I have only seen one of the films featured in the course: “The Godfather”. So, as well as learning about cinematic concepts, I was introduced to some new movies.

Normally, when one sees a film, one is simply carried along from scene to scene and shot to shot with no time or opportunity to think about the scene or analyse it, so it was good to be able to deconstruct and dissect movie scenes in a structured manner and I really enjoyed the course.

Posted in Cultural issues | Comments (0)

It’s World Consumer Rights Day

March 15th, 2018 by Roger Darlington

For the last 16 years, I’ve worked part-time with an portfolio of appointments to various consumer bodies operating in regulated sectors like communications, water, energy and financial services.

So I’d like to highlight that today is World Consumer Rights Day, an event promoted by Consumers International.

Each year has a theme and this year it is : “Making Digital Markets Fairer”. There is a background paper on e-commerce which you can access here.

Posted in Consumer matters | Comments (0)

The death of Stephen Hawking

March 14th, 2018 by Roger Darlington

I am saddened by the news of the death of the British scientist Stephen Hawking, although pleased that he managed to live such a long and productive life in spite of the diagnosis in his early 20s of a wasting disease that was expected to kill him in years.

I once attended a lecture he gave in the Royal Albert Hall in London. The only scientist previously to fill this huge venue was Albert Einstein.

I read several of his books: “A Brief History Of Time”, “The Universe In A Nutshell” [my review here], and “A Briefer History Of Time” [my review here].

Also I read a 1992 biography and saw the film “The Theory Of Everything” [my review here].

The world has lost an exceptional scientist and a brave man. Sadly, even he could only postpone death for so long.

Posted in Science & technology | Comments (0)

What would really help consumers of essential services?

March 13th, 2018 by Roger Darlington

This week, I chaired a day-long conference at the iconic BT Tower in central London on behalf of the Essential Services Access Network (ESAN).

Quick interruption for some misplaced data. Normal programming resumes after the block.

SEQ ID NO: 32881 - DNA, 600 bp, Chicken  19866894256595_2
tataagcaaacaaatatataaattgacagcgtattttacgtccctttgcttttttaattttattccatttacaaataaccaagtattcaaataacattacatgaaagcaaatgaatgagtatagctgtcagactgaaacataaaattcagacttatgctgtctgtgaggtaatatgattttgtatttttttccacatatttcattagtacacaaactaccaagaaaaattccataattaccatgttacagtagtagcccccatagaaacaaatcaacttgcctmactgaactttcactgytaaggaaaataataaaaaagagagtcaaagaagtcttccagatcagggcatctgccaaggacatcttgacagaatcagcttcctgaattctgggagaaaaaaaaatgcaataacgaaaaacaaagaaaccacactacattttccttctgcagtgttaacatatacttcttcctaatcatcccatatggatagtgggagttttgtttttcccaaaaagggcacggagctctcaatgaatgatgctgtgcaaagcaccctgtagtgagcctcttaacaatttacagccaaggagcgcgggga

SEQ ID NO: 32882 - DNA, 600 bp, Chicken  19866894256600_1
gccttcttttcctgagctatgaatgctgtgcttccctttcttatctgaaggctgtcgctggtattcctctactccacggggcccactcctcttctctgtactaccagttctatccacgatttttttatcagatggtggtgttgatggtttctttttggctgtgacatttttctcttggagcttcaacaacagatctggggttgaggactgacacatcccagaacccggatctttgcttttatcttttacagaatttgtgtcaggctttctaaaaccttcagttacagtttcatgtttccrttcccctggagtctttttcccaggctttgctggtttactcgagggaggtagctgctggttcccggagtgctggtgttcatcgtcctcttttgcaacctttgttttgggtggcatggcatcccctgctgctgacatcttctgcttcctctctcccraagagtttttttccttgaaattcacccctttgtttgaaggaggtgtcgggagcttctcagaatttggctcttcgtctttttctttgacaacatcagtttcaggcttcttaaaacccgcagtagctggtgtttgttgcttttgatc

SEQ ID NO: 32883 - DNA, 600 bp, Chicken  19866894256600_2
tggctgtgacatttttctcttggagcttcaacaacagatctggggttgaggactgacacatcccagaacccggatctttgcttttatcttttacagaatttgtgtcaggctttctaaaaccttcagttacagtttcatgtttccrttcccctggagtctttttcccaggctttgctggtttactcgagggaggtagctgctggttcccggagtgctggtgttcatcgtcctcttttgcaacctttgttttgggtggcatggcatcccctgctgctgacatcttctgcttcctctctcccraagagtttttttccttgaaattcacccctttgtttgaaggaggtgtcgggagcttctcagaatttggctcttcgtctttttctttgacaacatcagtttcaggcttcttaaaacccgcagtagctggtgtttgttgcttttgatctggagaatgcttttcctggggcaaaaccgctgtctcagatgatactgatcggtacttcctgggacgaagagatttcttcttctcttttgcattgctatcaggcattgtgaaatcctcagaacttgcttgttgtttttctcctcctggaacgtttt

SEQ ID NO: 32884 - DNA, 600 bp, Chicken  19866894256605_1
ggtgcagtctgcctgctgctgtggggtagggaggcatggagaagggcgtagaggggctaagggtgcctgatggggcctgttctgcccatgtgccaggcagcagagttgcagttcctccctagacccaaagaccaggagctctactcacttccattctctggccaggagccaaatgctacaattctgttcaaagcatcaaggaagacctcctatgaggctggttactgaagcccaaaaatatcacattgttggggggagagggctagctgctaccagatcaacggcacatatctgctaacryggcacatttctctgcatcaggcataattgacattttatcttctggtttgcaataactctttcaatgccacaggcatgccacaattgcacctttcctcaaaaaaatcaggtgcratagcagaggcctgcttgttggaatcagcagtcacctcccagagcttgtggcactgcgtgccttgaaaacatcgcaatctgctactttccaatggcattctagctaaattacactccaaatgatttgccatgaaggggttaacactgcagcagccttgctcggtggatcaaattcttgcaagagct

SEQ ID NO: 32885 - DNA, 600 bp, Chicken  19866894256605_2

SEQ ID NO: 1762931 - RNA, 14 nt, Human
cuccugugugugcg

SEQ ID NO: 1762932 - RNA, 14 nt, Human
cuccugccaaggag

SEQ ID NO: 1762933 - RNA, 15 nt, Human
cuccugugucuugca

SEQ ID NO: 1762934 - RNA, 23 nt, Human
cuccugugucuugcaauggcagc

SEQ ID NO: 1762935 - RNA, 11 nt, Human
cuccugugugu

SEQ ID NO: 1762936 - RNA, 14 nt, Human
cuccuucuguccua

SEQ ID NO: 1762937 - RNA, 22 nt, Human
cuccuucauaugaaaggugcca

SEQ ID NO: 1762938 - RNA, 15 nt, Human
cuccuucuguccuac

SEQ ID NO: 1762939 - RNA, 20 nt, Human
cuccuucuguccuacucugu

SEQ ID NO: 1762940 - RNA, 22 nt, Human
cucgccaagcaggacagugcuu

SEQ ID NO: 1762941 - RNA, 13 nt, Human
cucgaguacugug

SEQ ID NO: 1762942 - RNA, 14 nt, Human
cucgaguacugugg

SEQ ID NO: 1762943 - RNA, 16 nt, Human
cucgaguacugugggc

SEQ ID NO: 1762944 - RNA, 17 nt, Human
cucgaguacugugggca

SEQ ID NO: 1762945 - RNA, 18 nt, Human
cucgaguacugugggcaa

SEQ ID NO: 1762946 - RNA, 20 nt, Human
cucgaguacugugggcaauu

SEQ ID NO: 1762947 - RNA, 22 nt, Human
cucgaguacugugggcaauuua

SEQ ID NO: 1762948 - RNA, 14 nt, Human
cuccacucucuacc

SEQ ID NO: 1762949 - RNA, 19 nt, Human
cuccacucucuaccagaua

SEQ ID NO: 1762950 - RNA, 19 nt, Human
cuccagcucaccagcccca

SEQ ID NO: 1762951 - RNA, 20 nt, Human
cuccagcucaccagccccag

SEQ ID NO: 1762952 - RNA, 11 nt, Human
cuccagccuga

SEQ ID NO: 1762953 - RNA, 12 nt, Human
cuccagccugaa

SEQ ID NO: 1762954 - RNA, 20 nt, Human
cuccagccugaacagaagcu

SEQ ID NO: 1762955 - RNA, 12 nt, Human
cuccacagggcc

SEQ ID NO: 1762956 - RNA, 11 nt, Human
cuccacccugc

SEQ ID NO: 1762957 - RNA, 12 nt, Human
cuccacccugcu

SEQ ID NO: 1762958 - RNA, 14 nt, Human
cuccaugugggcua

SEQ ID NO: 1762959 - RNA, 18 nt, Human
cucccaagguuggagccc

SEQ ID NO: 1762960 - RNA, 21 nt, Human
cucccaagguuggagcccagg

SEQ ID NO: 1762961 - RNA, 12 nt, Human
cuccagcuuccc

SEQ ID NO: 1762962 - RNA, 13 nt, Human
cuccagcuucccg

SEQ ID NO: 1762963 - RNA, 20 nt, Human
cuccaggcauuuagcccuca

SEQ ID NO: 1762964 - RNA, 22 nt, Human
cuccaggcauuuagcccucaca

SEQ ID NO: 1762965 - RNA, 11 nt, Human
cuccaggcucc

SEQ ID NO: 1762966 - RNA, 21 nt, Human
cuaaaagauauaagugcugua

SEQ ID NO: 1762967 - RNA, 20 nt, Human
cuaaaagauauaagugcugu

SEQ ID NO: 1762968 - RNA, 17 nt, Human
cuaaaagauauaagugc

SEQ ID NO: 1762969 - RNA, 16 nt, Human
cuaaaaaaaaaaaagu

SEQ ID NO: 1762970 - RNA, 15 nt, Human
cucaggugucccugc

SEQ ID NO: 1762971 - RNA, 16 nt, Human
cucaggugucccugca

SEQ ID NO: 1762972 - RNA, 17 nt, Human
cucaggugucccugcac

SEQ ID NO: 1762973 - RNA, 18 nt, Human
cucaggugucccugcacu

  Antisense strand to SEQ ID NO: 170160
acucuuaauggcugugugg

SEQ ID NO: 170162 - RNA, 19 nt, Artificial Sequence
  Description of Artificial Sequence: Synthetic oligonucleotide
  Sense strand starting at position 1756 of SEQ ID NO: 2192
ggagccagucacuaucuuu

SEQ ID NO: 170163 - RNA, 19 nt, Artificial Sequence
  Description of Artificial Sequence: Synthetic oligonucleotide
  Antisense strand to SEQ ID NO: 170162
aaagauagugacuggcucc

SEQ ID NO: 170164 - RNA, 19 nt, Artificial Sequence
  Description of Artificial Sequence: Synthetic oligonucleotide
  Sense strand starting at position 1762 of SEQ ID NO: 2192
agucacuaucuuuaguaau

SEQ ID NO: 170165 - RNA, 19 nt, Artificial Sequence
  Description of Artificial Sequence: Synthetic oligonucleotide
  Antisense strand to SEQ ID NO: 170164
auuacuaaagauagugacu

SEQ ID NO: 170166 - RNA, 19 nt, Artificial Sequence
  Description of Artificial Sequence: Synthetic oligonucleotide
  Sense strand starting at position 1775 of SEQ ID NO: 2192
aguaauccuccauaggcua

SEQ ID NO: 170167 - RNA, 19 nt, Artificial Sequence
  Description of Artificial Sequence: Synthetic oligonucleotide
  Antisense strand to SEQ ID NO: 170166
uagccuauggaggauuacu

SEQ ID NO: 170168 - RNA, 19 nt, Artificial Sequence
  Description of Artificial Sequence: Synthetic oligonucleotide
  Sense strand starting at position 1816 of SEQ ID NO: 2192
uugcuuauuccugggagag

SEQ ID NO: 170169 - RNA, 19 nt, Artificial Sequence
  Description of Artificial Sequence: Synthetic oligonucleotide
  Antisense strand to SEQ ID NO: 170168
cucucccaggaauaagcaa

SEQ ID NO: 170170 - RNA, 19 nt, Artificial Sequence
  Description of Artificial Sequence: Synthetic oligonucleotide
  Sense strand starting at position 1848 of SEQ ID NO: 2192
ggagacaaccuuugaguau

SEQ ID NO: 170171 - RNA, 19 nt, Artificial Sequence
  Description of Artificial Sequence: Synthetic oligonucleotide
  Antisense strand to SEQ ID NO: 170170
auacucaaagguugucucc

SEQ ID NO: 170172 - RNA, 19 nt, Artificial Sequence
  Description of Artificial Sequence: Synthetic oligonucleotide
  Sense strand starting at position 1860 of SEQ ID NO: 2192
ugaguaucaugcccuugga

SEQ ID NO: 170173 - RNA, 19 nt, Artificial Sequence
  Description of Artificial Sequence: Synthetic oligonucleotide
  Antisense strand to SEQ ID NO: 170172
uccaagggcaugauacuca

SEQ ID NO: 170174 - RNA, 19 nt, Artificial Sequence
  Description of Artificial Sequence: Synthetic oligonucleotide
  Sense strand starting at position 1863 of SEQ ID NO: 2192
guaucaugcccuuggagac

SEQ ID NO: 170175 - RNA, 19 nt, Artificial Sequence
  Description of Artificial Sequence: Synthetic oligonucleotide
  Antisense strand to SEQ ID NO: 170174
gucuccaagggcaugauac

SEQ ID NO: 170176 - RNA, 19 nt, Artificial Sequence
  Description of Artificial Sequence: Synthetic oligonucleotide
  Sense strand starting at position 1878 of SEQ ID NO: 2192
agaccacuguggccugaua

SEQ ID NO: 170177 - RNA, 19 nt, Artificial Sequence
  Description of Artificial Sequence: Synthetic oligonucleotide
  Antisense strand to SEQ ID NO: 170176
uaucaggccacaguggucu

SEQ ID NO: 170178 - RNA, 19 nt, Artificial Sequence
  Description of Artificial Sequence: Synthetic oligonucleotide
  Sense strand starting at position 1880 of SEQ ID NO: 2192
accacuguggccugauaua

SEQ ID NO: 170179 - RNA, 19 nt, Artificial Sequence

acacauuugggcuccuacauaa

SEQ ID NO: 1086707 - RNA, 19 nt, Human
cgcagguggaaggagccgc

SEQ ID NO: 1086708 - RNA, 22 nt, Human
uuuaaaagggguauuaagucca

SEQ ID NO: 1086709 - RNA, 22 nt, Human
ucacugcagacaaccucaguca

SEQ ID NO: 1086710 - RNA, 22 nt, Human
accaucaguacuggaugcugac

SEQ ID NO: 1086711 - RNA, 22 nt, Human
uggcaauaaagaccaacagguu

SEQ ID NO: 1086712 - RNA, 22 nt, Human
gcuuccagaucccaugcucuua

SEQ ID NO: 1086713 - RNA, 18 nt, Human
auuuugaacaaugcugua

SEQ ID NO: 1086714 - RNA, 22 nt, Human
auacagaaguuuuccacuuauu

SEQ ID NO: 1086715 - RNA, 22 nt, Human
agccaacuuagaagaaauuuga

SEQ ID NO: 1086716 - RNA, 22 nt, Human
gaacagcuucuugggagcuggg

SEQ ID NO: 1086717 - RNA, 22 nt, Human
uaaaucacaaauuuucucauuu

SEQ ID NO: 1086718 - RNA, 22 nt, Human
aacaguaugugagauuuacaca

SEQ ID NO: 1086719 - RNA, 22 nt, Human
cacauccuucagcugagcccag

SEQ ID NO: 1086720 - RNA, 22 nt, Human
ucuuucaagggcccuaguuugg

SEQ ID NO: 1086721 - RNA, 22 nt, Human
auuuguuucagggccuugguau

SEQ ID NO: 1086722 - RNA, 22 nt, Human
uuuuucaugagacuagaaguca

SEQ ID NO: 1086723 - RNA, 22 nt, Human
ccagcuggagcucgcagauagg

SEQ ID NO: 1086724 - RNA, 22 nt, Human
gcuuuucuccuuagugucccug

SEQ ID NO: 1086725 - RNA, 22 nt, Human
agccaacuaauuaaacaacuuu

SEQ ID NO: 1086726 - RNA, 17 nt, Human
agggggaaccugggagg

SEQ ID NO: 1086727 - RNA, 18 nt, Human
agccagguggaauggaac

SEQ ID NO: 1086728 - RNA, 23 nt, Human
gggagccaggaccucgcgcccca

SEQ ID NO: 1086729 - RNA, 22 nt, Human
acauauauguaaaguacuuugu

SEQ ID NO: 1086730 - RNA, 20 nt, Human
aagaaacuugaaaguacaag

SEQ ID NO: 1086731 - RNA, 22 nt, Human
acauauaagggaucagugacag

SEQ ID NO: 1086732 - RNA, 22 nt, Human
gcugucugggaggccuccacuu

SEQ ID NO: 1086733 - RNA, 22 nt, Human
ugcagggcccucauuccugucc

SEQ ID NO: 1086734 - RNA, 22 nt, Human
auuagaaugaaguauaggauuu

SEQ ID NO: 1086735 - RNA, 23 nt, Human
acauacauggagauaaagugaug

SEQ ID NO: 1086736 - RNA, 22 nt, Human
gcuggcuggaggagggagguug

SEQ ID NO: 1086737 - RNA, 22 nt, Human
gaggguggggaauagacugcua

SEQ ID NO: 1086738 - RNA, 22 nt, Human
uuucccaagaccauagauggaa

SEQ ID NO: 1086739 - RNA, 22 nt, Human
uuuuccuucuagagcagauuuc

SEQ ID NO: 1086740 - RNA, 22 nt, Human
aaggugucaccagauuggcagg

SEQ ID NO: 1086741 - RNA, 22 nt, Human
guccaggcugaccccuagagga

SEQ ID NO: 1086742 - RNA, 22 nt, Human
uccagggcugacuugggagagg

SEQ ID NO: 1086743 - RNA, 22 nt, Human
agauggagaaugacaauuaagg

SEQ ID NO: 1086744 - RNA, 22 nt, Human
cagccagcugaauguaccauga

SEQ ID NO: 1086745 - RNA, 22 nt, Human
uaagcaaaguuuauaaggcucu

The theme of the event was “What would really help consumer of essential services?” and we focused particularly on the water, energy, communications and financial services sectors. We had 10 excellent speakers and over 90 attended from a wide variety of organisations.

You can check out the programme here. Shortly we will upload videos of the presentations and a short written report on the ESAN web site.

Posted in Consumer matters | Comments (0)

The raid on Entebbe: a story you probably don’t know

March 12th, 2018 by Roger Darlington

I remember vividly the raid on Entebbe when Israeli special forces freed the hijacked passengers of an Air France flight in 1976. Indeed I remember subsequently seeing two films about the audacious episode.

Now a new film, entitled simply “Entebbe”, is about to hit our screens in April and this has prompted “Guardian” columnist Hadley Freeman to write about one particular hero of that event.

Michel Cojot-Goldberg was one of the oldest friends of the father of Freeman and she has written a fascinating piece on his vital role in the raid. You can read the story here.

Posted in History | Comments (0)

A review of the new super-hero movie “Black Panther”

March 11th, 2018 by Roger Darlington

A mainstream American movie with a black director, a black writer and a largely black cast is a rarity. Last year (2017), we had “Moonlight” which won the Academy Award for Best Film.

This year, we have “Black Panther” with Ryan Coogler as director and co-writer and an amazing array of black thespian talent from old hands like Angela Basset and Forest Whitaker to fresh faces like Chadwick Boseman (as T’Challa/Black Panther) and Michael B. Jordan (as the rival Erik Killmonger) with their leading roles and like Letitia Wright, Lupita Nyong’o and Danai Gurira with their strong female roles. The only white boys in the cast are Martin Freeman and Andy Serkis, both British actors but here affecting American and South African accents respectively.

“Black Panther” provides the back story to a new super-hero in the Marvel Cinematic Universe: the eponymous leader of the fictional African state of Wakanda which, counter-culturally, has more advanced technology than any country in the West though the good fortune of possesing a powerful element called vibranium.

But this does not look like a super-hero movie: there is lots colour and plenty of noise but the settings are rural rather than metropolitan (except for a foray to Busan in South Korea) and the fighting is more hand-to-hand than super weaponry. It lacks the drama and punch of some other super-hero movies, but it is satisfyingly entertaining.

Posted in Cultural issues | Comments (0)